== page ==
Over the years, substance addiction has almost reached pandemic level around the world. In India, a study by the Ministry of Social Justice indicates that 14% of the population uses alcohol, 2.8% report using cannabis and related products and 2.1% use opioids. Even more alarmingly, in India alone, more than 15 million children aged between 10 and 17 years are addicted to substances, according to the Indian government.
Although the factors that lead to addiction are varied, it is extremely hard to pull oneself out of the vicious cycle of addiction. Additionally, in a recent study, it has been found that individuals who are caught in one addiction are at an increased risk for developing another new addiction. While this is especially true among patients with alcohol dependence, this could be equally applied to other forms of substance abuse, including opioids, sedatives, inhalants, cocaine, amphetamines and cannabis, among other things.
Understanding how addiction begins
Understanding the chronology of how an addiction takes hold of a patient can throw tremendous light on how to overcome it.
No one gets addicted from day one. All forms of addiction, including substance addiction, begin with small, measured amounts of experimentation. Factors like curiosity, peer group pressure and normalisation of substance use in the family often play a role in such initiation. Families where one or two generations have already been familiar with substances such as alcohol, tend to witness a higher rate of addiction in later generations.
In certain medical cases, substances that act as secondary support to psychiatric, mental and behavioural health issues such as depression, anxiety, psychosis, stress, and attention deficit and hyperactivity disorder (ADHD) can also lead to euphoric experimentation.
Addiction as a medical disorder – the vicious cycle of pleasure and pain
It is important to know that addiction is classified as a medical condition, because of the neurobiological effects of substances. Substance use creates neural changes in the brain that lead patients to seek out the use of that substance or others – a vicious cycle of pleasure and pain.
If care is not taken over sporadic and initial experimentation, then patients tend to linger on the initial pleasure of substances. A repeated behaviour in a short span of time eventually turns into a compulsive use of substances. In a matter of time, patients find it hard to avoid use and seek instant comfort through the use of the substance. Soon, patients enter a vicious cycle of seeking pleasure, resulting in pain when the effect of the substance wears off, thereby seeking heightened pleasure through increased amounts of or repeated substance use.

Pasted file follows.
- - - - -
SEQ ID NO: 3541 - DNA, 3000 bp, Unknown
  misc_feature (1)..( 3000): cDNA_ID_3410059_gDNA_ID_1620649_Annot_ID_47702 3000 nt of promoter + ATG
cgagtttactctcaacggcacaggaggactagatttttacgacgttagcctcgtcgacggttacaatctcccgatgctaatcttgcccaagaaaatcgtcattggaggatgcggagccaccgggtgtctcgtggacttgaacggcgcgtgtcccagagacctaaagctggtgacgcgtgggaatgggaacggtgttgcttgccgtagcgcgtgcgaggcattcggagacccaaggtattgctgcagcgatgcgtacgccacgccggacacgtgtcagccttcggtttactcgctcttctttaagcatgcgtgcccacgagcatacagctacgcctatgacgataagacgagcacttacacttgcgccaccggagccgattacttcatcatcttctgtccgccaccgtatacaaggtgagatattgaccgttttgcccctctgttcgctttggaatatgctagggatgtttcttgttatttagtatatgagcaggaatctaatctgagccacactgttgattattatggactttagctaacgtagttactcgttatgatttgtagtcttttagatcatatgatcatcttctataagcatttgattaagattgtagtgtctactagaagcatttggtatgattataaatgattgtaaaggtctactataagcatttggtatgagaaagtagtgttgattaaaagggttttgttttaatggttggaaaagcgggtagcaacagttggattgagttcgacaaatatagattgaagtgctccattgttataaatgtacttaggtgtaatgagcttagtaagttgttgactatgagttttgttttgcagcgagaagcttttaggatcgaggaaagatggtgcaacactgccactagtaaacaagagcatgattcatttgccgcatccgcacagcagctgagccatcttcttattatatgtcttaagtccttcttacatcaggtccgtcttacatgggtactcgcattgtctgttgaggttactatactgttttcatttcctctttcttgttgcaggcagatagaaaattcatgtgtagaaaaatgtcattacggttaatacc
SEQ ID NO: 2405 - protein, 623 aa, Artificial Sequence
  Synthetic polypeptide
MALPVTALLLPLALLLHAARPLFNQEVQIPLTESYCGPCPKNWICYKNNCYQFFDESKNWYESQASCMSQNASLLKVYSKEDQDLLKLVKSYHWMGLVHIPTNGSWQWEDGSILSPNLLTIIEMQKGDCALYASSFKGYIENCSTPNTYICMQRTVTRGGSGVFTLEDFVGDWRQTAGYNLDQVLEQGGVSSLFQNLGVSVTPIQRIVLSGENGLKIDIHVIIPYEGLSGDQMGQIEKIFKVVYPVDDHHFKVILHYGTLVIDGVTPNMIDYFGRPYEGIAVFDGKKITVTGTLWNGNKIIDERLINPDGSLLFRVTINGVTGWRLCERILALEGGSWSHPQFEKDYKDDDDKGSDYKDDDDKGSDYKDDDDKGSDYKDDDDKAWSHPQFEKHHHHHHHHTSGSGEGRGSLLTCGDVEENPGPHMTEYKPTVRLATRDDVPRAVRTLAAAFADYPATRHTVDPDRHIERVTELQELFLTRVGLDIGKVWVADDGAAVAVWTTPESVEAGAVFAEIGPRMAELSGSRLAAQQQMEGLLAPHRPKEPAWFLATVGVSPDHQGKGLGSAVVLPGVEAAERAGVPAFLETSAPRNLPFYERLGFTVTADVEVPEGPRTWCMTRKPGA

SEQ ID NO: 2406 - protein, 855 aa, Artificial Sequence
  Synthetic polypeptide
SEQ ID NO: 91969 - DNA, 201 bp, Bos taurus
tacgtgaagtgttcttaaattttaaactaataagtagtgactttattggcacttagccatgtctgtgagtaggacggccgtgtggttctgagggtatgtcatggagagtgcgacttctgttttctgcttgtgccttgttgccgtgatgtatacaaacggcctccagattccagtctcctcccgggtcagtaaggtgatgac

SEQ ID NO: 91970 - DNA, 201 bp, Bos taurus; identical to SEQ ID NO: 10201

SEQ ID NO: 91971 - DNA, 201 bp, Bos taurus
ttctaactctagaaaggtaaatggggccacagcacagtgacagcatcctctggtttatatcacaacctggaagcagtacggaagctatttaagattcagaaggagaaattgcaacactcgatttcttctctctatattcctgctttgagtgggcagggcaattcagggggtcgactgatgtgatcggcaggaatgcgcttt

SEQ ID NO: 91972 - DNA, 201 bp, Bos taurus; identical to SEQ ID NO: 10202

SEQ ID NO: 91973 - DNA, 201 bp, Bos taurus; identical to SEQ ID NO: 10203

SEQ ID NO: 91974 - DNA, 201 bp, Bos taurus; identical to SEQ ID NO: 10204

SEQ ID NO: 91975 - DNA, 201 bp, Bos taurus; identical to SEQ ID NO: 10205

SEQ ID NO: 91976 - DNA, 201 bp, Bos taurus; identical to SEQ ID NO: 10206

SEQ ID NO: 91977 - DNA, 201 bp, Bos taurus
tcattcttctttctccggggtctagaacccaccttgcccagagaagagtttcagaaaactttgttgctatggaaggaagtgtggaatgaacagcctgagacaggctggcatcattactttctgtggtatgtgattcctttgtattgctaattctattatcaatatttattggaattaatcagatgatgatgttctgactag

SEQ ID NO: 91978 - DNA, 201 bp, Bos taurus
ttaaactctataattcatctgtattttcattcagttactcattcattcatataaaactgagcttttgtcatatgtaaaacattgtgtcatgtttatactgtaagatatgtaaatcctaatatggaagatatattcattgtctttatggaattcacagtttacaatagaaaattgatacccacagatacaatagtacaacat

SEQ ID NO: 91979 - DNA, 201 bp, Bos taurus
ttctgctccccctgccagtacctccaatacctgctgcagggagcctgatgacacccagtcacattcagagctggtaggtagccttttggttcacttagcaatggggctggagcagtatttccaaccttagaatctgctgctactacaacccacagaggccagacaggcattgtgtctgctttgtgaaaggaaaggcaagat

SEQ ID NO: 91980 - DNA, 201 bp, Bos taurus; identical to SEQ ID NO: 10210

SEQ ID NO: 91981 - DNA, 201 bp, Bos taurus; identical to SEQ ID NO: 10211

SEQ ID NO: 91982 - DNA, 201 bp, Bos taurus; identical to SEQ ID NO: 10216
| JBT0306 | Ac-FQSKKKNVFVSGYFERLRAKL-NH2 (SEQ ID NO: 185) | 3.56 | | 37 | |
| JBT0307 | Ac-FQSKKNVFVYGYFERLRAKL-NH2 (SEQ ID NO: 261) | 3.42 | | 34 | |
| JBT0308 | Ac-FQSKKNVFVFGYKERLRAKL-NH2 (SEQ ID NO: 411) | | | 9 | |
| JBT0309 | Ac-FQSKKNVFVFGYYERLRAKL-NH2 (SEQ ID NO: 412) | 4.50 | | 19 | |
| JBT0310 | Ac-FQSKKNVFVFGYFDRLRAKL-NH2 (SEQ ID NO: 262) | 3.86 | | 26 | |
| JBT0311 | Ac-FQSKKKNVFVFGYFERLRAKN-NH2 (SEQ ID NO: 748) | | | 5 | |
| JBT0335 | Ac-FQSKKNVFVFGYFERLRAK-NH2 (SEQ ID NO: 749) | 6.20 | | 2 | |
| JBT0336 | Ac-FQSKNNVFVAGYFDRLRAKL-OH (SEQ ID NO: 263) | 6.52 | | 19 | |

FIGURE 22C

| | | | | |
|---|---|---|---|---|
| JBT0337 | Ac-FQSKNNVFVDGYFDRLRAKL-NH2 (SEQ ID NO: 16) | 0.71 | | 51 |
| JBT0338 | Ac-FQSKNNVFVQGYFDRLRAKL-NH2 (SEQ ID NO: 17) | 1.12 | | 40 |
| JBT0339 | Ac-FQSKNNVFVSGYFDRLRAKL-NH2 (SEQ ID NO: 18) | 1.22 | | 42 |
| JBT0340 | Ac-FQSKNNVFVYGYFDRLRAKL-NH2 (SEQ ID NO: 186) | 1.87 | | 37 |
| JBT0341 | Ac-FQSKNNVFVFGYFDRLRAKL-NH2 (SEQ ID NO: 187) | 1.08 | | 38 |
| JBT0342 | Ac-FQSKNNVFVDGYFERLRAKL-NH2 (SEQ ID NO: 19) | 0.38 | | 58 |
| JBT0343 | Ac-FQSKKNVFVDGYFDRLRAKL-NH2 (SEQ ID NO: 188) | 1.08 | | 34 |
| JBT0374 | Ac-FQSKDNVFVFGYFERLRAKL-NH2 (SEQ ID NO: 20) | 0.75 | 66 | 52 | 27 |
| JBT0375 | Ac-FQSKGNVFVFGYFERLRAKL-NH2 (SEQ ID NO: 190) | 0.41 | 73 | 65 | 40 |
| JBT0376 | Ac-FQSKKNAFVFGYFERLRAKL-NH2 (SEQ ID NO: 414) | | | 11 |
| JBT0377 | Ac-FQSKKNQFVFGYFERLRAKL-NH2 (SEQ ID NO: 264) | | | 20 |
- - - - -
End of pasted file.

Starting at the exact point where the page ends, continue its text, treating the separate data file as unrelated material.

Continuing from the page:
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There is a cyclical effect of behaviours that create a vicious cycle. For instance, after initial experimentation with drugs or alcohol, people with the habit of repeated substance use often find themselves experiencing loneliness, loss of livelihood or subdued performance at work. However, these situations which were the result of substance use, in turn become the reasons to seek out drugs or alcohol. This pushes the patient further into an unending spiral of substance addiction.
A case for early intervention
The cascading effects of addiction are a strong argument in favour of early intervention in treating patients. When not arrested, the compulsive-turned-addictive behaviour leads to severe damage to personal and societal well-being in general.
The treatment of addiction needs to be as early and swift as possible because of the medical, societal and economic impact it has on patients and the people around them. Often, repercussions of addictions are seen in the form of the disturbed physical well-being of the patient coupled with mental issues. This goes on to disturb the family dynamics, which eventually leads to a large impact on society. Suboptimal work performance and even unemployment put additional stress on the economy and the health infrastructure.
Treatment of addiction
While early intervention is ideal, subsequent treatment often follows a recommended set of procedures that are individualized; the treatment plan is specific to the addicted patient. For instance, facilities like Sukoon give due care to addressing the specific needs of patients on a case-to-case basis, depending on the severity and type of addiction. While a period of detoxification at residential programs in a hospital or specialised facility can help, there are usually two parts to treatment. The first part is to ‘detox’ or eliminate the substance from the patient’s system, which may involve also managing withdrawal symptoms like headaches, cravings, and psychological distress because the body is now dependent on the substance. The second is more important and long-lasting; addressing the social, behavioural and psychological underlying factors that have led to addiction.
The bottom line is that addiction is curable. Due to several advancements in health and medical treatment and procedures, as well as more awareness about the factors that help patients overcome addiction, the success rate of treating addiction has grown exponentially over the years. With awareness, medical care and a supportive environment, alternative sources of reward can be nurtured, resulting in patients returning to fulfilling and productive lives.
About the Author:
Dr Sachin Mangla is an accomplished neuropsychiatrist with over 12 years of experience. A referring doctor at Sukoon, Dr. Mangla specialises in treating patients suffering from mental illnesses such as addiction, schizophrenia, obsessive-compulsive disorder (OCD), and post-traumatic stress disorder, among others.